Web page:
Scottish property tax changes highlight move to dynamic tax environment

The changes, announced by Finance Secretary John Swinney in the Scottish Parliament today, mean that the tax, which will apply from 1 April 2015, will be lower for those buying properties at average Scottish prices than initially proposed in the Draft Budget 2015-16 and also lower than in the rest of the UK.

Moira Kelly, Chair of the CIOT’s Scottish Technical Sub-committee, commented:

“Today’s announcement shows just how much changes in Holyrood and Westminster are feeding off each other. Political and economic competition across the border is now an increasingly visible fact of life.

“The Scottish Government got much praise when they announced the end of the ‘slab system’, which distorted property sales by creating cliff edges at particular property values, and did so in a way that cut tax bills for buyers of low and averagely priced homes.2 Westminster followed suit in December, sweetening the move with extra money to make 98% of home buyers winners. But that changed the dynamics in Scotland, creating many more potential losers under the changes compared to the rest of the UK, so Holyrood is responding with further changes of its own.

“As further tax devolution takes effect we are likely to see more of this. Westminster will no doubt want to watch carefully to see what reaction changes made by the Scottish Government get, and what effect they have, while Holyrood will inevitably have to take account of any significant changes south of the border which change the relative competitiveness of the two tax systems.

“The changes announced by John Swinney today bring the new system more closely into line with the Scottish Government’s principle of a progressive tax system, with taxes being proportionate to a taxpayer’s ability to pay. The CIOT has previously said to the Finance Committee of the Scottish Parliament that ideally there should not be a significant leap in the rate of tax from band to band.3 The original proposal included a huge leap from 2% to 10%, and had only three rates. The introduction of an additional band with a 5% rate provides for more progression and differentiation, which is something we suggested to the Finance Committee in October.”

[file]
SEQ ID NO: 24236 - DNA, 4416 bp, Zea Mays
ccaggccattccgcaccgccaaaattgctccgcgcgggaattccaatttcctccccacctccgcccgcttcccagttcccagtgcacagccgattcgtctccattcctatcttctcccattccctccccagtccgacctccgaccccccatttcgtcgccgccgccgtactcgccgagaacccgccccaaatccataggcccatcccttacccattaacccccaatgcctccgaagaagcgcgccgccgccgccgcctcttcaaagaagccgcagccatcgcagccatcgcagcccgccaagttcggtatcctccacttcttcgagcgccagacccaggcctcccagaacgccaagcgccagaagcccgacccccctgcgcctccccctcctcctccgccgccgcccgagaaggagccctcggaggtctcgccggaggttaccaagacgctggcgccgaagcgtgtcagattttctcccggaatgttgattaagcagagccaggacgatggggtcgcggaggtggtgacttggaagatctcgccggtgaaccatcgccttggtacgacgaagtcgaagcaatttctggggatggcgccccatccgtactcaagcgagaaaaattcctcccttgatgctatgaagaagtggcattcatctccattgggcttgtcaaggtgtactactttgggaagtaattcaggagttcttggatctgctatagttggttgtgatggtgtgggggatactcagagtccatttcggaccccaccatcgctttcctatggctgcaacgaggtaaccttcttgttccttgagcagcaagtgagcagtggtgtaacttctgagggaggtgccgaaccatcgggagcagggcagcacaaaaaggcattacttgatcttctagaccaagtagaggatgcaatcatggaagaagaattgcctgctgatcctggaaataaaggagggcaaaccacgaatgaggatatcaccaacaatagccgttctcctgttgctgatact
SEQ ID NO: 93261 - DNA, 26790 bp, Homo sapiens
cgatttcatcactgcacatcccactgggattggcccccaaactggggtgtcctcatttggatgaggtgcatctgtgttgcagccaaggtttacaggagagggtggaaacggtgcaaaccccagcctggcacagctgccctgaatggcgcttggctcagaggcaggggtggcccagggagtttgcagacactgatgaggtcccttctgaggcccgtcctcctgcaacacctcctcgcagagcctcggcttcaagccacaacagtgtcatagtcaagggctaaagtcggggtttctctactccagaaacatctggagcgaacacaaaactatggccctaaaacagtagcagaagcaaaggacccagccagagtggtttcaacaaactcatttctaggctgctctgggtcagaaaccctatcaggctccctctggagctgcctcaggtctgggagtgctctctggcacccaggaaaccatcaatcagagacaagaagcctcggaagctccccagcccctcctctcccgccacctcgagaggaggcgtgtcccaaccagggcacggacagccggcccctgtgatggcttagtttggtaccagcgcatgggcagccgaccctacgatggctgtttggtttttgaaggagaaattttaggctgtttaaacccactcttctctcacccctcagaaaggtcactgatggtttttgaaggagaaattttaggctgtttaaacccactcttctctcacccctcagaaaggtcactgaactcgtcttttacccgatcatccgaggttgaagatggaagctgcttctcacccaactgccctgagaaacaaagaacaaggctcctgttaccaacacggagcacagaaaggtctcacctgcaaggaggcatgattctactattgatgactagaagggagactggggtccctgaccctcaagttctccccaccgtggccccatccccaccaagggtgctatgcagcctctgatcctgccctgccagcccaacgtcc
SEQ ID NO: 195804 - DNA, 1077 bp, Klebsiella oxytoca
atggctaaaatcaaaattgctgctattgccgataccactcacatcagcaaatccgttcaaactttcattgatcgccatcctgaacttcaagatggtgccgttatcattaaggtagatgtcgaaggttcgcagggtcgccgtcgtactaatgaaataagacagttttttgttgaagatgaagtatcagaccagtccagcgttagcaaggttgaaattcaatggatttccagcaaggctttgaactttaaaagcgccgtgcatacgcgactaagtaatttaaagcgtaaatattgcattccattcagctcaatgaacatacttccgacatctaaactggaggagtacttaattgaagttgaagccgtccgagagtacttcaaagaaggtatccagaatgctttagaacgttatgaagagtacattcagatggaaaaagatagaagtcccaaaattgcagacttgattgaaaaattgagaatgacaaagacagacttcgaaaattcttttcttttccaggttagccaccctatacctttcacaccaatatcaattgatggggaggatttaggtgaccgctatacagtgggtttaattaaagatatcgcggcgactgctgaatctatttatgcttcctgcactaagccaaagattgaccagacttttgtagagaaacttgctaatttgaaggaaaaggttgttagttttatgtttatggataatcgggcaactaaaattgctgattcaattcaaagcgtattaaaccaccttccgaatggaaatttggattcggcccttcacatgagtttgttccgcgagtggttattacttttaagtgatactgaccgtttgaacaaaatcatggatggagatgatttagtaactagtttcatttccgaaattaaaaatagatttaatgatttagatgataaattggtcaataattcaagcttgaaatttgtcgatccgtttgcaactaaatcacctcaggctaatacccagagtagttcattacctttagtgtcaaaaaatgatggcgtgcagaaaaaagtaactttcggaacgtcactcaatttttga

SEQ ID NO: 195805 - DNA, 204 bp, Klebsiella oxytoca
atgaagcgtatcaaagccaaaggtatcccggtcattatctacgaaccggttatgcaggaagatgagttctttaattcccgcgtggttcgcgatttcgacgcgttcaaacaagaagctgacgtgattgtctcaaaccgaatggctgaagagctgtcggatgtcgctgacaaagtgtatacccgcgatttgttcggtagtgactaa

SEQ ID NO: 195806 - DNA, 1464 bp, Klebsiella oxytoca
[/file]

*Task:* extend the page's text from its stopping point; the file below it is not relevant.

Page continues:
Notes to editors:

1.       The proposed tax rates for Land and Buildings Transaction Tax as announced in the Draft Budget 2015-16 on 9 October 2014 can be found here [].

2.       The CIOT’s response to the Draft Budget 2015-16 can be found here []

3.       The submission of the CIOT in response to the Finance Committee of the Scottish Parliament’s Call for Evidence on the Land and Buildings Transaction Tax Bands and Rates can be read in full here []. The Call for Evidence can be read here []

4.       The Chartered Institute of Taxation

The Chartered Institute of Taxation (CIOT) is the leading professional body in the United Kingdom concerned solely with taxation. The CIOT is an educational charity, promoting education and study of the administration and practice of taxation. One of our key aims is to work for a better, more efficient, tax system for all affected by it – taxpayers, their advisers and the authorities. The CIOT’s work covers all aspects of taxation, including direct and indirect taxes and duties. Through our Low Incomes Tax Reform Group (LITRG), the CIOT has a particular focus on improving the tax system, including tax credits and benefits, for the unrepresented taxpayer.

The CIOT draws on our members’ experience in private practice, commerce and industry, government and academia to improve tax administration and propose and explain how tax policy objectives can most effectively be achieved. We also link to, and draw on, similar leading professional tax bodies in other countries.  The CIOT’s comments and recommendations on tax issues are made in line with our charitable objectives: we are politically neutral in our work.

The CIOT’s 17,000 members have the practising title of ‘Chartered Tax Adviser’ and the designatory letters ‘CTA’, to represent the leading tax qualification.